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‘Digital humans’ can improve ergonomic behavior among workers, new research says

A team of researchers from Texas A&M University analyzed whether training by a digital human would give remote workers knowledge of ergonomics that would lead them to change their work behavior. The team found that digital human training outcomes are comparable to those from conventional online training.  

The promising ideas presented in the study were published in Applied Ergonomics and was conducted by Kaysey Aguilar, Mark Benden and Matthew Lee Smith from the School of Public Health, and with Stephanie Payne from the College of Arts and Sciences.   

The research team recruited a sample of remote workers from a telecommunications company and randomly assigned them to a digital human group, a conventional online training group and a control group that did not receive training. The two courses used the same content to ensure they could be accurately compared.   

The researchers sent each participant a questionnaire that collected data on demographics, remote work practices, ergonomics knowledge, ergonomic behavior and incidence of musculoskeletal discomfort before and after training.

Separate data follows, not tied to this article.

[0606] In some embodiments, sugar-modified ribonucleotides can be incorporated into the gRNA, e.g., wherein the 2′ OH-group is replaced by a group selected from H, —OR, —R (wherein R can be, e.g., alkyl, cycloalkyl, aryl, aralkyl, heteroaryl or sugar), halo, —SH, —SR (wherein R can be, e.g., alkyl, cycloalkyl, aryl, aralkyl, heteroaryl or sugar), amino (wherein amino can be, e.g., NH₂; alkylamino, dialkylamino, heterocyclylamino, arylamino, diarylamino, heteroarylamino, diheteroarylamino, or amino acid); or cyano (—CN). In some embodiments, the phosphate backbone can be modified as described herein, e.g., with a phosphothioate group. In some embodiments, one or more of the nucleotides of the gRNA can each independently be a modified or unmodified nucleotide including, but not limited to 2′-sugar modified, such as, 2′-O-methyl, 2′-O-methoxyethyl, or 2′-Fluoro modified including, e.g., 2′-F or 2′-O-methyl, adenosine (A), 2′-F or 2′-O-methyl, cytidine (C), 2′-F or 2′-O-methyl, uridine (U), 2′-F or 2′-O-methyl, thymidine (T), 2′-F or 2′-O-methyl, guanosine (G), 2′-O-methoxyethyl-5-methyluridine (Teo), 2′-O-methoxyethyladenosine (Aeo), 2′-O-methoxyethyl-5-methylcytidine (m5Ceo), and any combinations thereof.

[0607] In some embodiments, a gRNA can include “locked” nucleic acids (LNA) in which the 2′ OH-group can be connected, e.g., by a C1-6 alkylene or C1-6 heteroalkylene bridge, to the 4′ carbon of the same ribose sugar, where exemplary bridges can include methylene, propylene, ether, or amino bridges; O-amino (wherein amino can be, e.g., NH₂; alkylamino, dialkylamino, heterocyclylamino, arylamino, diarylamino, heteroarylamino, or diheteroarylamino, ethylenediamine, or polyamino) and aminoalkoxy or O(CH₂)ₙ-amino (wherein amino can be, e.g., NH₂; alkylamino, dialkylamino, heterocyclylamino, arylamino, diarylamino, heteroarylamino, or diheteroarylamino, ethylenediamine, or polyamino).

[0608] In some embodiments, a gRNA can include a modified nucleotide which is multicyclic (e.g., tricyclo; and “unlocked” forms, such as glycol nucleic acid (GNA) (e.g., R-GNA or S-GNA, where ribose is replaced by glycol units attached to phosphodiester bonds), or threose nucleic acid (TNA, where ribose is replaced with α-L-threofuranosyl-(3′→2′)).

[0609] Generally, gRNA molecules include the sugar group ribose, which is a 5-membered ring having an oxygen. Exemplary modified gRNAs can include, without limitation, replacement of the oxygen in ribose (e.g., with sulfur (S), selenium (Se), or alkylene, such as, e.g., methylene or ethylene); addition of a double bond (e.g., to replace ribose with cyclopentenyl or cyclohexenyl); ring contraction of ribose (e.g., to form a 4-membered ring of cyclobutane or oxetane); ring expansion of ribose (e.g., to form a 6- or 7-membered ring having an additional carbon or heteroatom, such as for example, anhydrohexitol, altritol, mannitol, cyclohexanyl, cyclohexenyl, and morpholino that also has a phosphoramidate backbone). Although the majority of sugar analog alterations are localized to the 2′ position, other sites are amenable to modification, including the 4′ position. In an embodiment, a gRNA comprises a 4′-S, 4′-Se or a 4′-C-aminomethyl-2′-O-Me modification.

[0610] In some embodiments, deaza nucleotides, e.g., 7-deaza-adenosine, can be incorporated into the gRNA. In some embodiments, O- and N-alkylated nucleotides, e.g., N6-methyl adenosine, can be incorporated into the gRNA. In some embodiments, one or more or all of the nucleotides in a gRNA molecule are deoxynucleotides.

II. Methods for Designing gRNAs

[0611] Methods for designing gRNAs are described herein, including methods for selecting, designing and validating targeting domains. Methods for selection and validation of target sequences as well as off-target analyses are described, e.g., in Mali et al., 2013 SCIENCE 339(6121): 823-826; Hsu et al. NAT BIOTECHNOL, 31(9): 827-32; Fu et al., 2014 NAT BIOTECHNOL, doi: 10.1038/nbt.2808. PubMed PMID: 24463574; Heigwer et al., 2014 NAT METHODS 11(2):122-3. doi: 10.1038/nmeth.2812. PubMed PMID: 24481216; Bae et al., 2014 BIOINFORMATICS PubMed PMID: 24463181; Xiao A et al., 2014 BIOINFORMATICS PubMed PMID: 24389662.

Analysis of the questionnaires found that both the conventional and digital human groups had improved ergonomics knowledge and decreased musculoskeletal discomfort, showing that the two methods have comparable outcomes. However, only the conventional online training group had statistically significant improvements in ergonomic behavior.  

In addition, the findings point to the potential for digital human-based training to improve remote workers’ ergonomics knowledge and practices. The prevalence of remote work and the introduction of technological advances make innovation and research on remote ergonomics training an important factor in ensuring a healthy workforce, the researchers said. 

Although the digital human training was not found to be superior to conventional methods, the researchers note a need for further research that fully utilizes the digital human’s conversational abilities and suggest that customization to workers needs could make them more effective than typical online training methods.